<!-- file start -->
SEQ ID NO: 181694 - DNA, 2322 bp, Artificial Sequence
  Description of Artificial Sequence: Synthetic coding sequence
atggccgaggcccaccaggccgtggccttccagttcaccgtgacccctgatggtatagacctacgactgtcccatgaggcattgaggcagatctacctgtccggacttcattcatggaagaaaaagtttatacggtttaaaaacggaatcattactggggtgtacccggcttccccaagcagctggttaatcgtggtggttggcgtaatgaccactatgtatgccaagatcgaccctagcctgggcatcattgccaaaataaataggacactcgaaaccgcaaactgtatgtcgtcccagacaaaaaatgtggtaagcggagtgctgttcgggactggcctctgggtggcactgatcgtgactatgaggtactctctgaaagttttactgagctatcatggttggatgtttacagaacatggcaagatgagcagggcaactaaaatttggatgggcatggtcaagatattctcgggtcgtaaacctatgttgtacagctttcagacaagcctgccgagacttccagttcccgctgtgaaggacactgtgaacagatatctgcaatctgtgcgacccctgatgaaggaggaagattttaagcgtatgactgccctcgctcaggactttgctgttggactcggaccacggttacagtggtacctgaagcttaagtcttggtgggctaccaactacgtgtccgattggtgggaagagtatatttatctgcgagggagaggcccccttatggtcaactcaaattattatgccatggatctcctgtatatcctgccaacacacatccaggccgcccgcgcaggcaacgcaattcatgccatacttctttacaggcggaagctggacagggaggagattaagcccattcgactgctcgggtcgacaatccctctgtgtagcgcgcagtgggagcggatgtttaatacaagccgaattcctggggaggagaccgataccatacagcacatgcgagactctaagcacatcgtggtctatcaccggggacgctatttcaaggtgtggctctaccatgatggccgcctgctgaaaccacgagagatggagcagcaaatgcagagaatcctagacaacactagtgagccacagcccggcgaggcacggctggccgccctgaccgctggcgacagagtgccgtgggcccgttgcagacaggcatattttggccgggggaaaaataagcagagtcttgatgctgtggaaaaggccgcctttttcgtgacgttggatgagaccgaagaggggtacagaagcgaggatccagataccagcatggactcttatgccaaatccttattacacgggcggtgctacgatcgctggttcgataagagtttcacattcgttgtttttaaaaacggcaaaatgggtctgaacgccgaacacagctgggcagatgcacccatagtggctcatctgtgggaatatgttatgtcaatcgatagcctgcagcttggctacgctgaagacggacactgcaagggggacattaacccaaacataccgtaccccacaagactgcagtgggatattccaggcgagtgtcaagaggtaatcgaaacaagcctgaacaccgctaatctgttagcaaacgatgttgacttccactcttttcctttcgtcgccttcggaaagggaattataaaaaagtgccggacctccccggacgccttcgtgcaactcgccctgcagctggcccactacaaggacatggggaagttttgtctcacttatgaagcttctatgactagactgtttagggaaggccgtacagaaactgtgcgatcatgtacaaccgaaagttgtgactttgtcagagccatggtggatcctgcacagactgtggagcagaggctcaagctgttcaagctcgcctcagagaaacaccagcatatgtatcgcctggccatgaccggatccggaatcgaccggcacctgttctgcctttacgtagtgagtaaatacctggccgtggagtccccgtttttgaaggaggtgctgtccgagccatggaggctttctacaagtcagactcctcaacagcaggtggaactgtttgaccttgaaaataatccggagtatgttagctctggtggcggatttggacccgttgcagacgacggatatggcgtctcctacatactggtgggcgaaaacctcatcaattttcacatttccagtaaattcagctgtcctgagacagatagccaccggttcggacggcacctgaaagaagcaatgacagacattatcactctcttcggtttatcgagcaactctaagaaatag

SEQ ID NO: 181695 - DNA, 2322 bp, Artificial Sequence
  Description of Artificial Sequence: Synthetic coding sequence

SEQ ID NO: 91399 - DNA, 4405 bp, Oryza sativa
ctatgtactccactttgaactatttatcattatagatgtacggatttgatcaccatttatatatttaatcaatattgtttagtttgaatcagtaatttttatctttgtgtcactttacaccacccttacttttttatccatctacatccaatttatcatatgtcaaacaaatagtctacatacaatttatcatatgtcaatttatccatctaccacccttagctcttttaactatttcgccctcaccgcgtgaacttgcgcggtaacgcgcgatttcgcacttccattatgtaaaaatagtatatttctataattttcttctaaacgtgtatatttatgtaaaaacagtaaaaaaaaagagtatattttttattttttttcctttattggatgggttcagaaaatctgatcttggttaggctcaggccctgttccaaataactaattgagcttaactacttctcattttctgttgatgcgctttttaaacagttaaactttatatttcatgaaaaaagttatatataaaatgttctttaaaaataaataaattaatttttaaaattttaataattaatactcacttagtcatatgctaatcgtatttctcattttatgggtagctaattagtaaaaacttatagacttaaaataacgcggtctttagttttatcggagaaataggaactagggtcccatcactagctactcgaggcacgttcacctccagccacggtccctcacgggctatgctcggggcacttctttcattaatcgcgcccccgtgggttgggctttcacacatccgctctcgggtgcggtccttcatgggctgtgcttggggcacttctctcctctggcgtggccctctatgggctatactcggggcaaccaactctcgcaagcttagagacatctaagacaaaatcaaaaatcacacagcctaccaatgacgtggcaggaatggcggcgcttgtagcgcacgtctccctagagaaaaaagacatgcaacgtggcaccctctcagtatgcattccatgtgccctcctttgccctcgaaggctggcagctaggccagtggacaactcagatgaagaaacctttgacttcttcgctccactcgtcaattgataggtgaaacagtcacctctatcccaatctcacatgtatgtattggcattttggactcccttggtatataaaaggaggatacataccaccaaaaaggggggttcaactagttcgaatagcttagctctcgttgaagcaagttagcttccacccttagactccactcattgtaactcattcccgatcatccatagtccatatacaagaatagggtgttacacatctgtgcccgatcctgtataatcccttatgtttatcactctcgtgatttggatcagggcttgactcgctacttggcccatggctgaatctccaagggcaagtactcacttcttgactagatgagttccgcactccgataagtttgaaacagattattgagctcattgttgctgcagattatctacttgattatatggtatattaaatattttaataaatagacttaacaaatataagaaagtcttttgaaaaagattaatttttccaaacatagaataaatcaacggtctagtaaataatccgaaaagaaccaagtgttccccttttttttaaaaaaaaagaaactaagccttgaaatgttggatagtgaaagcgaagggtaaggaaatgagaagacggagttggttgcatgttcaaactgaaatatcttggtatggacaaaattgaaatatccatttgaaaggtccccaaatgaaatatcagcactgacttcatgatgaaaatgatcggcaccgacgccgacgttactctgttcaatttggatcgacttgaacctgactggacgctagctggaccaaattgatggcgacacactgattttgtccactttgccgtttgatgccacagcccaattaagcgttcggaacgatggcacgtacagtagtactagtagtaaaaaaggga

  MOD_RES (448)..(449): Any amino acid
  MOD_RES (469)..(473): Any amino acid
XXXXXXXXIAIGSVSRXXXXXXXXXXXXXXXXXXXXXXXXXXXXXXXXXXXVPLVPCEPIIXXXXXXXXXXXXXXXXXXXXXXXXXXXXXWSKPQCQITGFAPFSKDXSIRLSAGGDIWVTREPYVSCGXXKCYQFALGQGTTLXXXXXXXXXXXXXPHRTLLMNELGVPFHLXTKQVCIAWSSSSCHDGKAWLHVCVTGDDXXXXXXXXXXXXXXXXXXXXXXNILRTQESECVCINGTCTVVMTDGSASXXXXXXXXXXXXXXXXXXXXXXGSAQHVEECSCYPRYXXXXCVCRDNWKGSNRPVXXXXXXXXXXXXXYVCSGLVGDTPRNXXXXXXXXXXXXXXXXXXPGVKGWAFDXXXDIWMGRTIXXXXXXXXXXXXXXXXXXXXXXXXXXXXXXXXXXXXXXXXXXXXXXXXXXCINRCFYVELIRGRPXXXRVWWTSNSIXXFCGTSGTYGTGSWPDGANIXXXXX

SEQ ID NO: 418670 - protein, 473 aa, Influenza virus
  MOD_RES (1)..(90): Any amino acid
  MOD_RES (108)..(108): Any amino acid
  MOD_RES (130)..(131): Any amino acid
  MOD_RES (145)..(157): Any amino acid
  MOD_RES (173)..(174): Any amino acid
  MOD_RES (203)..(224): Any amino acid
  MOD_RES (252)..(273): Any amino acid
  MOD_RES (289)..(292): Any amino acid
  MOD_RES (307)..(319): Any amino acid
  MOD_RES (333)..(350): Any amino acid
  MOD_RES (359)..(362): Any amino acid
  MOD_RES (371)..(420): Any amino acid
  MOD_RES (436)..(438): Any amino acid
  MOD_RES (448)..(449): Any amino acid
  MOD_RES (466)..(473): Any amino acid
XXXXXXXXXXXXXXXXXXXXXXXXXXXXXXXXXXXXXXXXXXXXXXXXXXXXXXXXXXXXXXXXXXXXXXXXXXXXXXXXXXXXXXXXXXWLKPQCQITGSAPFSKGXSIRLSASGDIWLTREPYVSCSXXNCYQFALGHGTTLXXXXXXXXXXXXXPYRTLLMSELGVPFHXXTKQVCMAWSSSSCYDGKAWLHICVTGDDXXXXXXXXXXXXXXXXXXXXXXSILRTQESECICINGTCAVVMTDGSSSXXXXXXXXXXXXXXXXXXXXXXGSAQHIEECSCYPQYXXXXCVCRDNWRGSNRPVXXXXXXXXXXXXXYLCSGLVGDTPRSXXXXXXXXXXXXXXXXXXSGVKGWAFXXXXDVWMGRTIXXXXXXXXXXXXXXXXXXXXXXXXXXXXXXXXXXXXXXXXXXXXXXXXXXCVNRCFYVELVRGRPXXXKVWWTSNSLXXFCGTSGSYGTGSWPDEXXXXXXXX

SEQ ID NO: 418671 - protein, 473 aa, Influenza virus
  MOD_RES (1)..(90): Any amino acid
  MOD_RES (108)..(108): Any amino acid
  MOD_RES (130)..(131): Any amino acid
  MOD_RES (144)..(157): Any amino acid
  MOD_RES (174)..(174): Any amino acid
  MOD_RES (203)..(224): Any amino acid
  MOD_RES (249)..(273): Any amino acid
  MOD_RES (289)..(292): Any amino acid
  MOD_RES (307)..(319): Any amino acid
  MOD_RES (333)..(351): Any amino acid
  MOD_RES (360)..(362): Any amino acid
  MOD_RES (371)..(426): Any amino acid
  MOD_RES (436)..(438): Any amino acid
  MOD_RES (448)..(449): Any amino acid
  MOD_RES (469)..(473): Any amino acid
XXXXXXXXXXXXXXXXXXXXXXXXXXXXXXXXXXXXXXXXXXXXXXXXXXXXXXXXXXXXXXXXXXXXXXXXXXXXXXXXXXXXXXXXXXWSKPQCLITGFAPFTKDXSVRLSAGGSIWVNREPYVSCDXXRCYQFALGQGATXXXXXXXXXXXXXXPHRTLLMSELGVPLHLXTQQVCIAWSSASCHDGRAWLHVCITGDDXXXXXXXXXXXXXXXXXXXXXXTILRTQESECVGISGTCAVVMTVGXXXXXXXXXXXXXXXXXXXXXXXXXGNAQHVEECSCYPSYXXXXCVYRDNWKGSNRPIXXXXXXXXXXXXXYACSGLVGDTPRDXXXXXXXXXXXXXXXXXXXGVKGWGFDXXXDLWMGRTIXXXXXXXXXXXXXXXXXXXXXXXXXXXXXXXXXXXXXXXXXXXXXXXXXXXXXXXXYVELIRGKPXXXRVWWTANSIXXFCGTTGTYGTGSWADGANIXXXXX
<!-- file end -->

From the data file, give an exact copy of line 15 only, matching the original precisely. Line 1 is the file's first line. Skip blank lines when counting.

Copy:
  MOD_RES (145)..(157): Any amino acid